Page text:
A recent study: the head of a 2,700-year-old mummy reveals new secrets about the ancient Egyptian

Egypt Thu, Jul. 28, 2022
Archaeologists and hospital staff in England work together, as they perform a CT scan on the head of an ancient Egyptian mummy, discovered in the 1820s and 2,700 years old, that someone owned in Ramsgate, a seaside town in Thanett in eastern Kent, England. The death of the owner of the house, his brother donated the head to the Canterbury Museums and Galleries group, according to the ancient-origins website.

X-rays taken in 2020 at Canterbury Crest University determined that the mummy was an adult female, but now, a detailed CT scan has revealed the volume of new data about the mummy before she died. around the object, to produce a high-resolution map of the scanned object.

The searches provided, "a huge amount of information, ranging from the condition of the teeth, to diseases and method of preservation, as well as aiding in our estimation of age and gender."

Scans revealed that the woman's brain had been removed. This was where the first part of the cleansing and embalming rituals and procedures took place. The embalmers used hammers and chisels to access the brain through the nasal bone, through which they inserted an iron hook and slowly pulled out the brain matter. The remains were retrieved by spoon and the cranial cavity washed with water.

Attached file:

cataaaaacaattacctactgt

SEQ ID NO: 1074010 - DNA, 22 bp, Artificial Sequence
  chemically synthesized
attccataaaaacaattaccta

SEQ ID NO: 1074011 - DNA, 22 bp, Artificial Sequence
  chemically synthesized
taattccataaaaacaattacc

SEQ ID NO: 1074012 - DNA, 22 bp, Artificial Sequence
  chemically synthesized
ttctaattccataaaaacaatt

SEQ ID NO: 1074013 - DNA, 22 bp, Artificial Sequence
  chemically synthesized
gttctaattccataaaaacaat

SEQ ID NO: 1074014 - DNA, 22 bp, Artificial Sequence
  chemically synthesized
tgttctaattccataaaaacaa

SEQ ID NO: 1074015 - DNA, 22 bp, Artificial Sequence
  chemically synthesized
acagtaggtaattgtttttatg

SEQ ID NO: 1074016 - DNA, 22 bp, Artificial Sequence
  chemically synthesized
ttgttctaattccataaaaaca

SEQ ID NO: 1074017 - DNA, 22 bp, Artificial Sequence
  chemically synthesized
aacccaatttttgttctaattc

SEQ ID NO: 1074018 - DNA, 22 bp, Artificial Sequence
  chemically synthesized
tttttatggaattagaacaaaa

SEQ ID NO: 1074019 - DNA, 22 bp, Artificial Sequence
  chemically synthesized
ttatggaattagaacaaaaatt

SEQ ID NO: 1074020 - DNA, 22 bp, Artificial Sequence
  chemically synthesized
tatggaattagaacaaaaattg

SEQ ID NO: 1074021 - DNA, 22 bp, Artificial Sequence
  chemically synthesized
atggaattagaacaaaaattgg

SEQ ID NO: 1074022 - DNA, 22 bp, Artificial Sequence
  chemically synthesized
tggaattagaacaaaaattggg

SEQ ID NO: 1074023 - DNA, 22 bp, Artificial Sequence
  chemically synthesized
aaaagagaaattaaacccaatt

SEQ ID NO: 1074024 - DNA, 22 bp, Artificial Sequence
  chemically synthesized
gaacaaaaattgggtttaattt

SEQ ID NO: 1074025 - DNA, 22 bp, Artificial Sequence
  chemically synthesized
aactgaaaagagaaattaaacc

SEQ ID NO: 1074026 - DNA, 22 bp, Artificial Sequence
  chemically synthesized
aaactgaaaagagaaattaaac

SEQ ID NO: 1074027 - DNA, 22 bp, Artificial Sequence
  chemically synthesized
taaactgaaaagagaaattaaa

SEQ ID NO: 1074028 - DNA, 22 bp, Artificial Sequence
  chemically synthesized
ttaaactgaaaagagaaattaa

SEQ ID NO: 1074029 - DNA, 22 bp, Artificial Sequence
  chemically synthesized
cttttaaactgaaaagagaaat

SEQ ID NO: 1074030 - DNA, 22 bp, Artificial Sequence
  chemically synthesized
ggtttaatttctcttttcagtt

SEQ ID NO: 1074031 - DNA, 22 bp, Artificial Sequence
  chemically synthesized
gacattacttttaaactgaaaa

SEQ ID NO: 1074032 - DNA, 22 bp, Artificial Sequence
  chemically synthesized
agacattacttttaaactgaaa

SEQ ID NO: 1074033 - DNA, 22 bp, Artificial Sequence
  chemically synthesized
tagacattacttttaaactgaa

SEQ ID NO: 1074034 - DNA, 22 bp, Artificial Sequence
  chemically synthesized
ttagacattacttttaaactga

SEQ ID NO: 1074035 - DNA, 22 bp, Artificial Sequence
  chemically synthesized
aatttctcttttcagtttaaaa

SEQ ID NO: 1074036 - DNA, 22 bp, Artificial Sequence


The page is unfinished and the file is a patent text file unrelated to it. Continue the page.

Ironically, the ancient Egyptians believed a person's mind was "locked up in their hearts and cares little about the brain", and CT scans show "great diversity" in how brains are removed.

CT scans revealed that the woman's tongue was well preserved and that her teeth were worn. The former stands as testimony to the advanced methodology of ancient preservatives while the latter indicates that women were on a long-standing diet of rough foods. A "tube of unknown substance" was found trapped inside the mummy's left nostril. The same substance was identified in the spinal canal. The origins and composition of these obstructions are currently unknown, and may be recent, possibly from the Victorian era.

The team plans to use the newly acquired CT data to create a 3D replica of the woman's head. Furthermore, they will also attempt to reconstruct the woman's face in a 3D image "without revealing the actual artifacts."